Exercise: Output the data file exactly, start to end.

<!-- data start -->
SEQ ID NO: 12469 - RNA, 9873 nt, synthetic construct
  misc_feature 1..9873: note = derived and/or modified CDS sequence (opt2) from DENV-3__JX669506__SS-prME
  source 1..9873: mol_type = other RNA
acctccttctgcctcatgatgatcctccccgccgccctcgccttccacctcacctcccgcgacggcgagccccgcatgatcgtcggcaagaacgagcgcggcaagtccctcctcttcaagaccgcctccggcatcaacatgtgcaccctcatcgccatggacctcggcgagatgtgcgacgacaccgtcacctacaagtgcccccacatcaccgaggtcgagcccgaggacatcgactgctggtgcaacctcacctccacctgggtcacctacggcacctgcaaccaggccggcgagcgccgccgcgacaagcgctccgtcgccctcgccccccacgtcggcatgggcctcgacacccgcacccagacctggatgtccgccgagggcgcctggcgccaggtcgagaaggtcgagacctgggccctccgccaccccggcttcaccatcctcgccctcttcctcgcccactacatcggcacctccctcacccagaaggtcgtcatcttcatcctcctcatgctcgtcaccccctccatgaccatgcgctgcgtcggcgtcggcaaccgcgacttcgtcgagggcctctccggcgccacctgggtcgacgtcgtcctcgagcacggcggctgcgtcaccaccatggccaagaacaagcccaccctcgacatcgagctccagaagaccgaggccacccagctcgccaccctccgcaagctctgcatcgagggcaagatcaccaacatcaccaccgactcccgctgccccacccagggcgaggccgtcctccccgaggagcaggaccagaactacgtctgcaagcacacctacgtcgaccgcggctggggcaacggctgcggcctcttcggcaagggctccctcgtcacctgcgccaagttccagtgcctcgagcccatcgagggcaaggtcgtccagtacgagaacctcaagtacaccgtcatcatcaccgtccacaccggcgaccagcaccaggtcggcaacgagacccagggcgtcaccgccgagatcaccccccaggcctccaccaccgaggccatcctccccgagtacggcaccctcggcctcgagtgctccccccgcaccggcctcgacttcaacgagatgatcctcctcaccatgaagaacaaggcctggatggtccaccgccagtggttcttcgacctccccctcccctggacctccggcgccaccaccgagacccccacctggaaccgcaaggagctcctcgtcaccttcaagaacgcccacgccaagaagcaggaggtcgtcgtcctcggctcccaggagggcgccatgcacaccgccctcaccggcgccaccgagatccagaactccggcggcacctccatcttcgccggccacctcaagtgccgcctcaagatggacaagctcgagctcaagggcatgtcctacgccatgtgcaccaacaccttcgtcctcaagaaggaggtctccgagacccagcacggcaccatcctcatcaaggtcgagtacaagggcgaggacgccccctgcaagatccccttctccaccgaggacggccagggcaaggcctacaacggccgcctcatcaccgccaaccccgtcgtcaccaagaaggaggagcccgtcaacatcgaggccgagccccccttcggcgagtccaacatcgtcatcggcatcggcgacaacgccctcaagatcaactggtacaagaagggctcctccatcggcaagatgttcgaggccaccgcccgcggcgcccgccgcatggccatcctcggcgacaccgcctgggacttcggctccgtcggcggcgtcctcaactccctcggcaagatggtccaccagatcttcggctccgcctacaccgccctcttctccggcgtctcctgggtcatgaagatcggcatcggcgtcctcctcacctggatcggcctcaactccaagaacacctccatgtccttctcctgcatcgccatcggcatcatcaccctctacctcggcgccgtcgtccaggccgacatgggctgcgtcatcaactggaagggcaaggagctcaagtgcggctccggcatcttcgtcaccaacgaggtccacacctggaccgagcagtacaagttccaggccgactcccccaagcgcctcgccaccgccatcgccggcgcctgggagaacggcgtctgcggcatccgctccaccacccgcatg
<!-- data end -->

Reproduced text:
SEQ ID NO: 12469 - RNA, 9873 nt, synthetic construct
  misc_feature 1..9873: note = derived and/or modified CDS sequence (opt2) from DENV-3__JX669506__SS-prME
  source 1..9873: mol_type = other RNA
acctccttctgcctcatgatgatcctccccgccgccctcgccttccacctcacctcccgcgacggcgagccccgcatgatcgtcggcaagaacgagcgcggcaagtccctcctcttcaagaccgcctccggcatcaacatgtgcaccctcatcgccatggacctcggcgagatgtgcgacgacaccgtcacctacaagtgcccccacatcaccgaggtcgagcccgaggacatcgactgctggtgcaacctcacctccacctgggtcacctacggcacctgcaaccaggccggcgagcgccgccgcgacaagcgctccgtcgccctcgccccccacgtcggcatgggcctcgacacccgcacccagacctggatgtccgccgagggcgcctggcgccaggtcgagaaggtcgagacctgggccctccgccaccccggcttcaccatcctcgccctcttcctcgcccactacatcggcacctccctcacccagaaggtcgtcatcttcatcctcctcatgctcgtcaccccctccatgaccatgcgctgcgtcggcgtcggcaaccgcgacttcgtcgagggcctctccggcgccacctgggtcgacgtcgtcctcgagcacggcggctgcgtcaccaccatggccaagaacaagcccaccctcgacatcgagctccagaagaccgaggccacccagctcgccaccctccgcaagctctgcatcgagggcaagatcaccaacatcaccaccgactcccgctgccccacccagggcgaggccgtcctccccgaggagcaggaccagaactacgtctgcaagcacacctacgtcgaccgcggctggggcaacggctgcggcctcttcggcaagggctccctcgtcacctgcgccaagttccagtgcctcgagcccatcgagggcaaggtcgtccagtacgagaacctcaagtacaccgtcatcatcaccgtccacaccggcgaccagcaccaggtcggcaacgagacccagggcgtcaccgccgagatcaccccccaggcctccaccaccgaggccatcctccccgagtacggcaccctcggcctcgagtgctccccccgcaccggcctcgacttcaacgagatgatcctcctcaccatgaagaacaaggcctggatggtccaccgccagtggttcttcgacctccccctcccctggacctccggcgccaccaccgagacccccacctggaaccgcaaggagctcctcgtcaccttcaagaacgcccacgccaagaagcaggaggtcgtcgtcctcggctcccaggagggcgccatgcacaccgccctcaccggcgccaccgagatccagaactccggcggcacctccatcttcgccggccacctcaagtgccgcctcaagatggacaagctcgagctcaagggcatgtcctacgccatgtgcaccaacaccttcgtcctcaagaaggaggtctccgagacccagcacggcaccatcctcatcaaggtcgagtacaagggcgaggacgccccctgcaagatccccttctccaccgaggacggccagggcaaggcctacaacggccgcctcatcaccgccaaccccgtcgtcaccaagaaggaggagcccgtcaacatcgaggccgagccccccttcggcgagtccaacatcgtcatcggcatcggcgacaacgccctcaagatcaactggtacaagaagggctcctccatcggcaagatgttcgaggccaccgcccgcggcgcccgccgcatggccatcctcggcgacaccgcctgggacttcggctccgtcggcggcgtcctcaactccctcggcaagatggtccaccagatcttcggctccgcctacaccgccctcttctccggcgtctcctgggtcatgaagatcggcatcggcgtcctcctcacctggatcggcctcaactccaagaacacctccatgtccttctcctgcatcgccatcggcatcatcaccctctacctcggcgccgtcgtccaggccgacatgggctgcgtcatcaactggaagggcaaggagctcaagtgcggctccggcatcttcgtcaccaacgaggtccacacctggaccgagcagtacaagttccaggccgactcccccaagcgcctcgccaccgccatcgccggcgcctgggagaacggcgtctgcggcatccgctccaccacccgcatg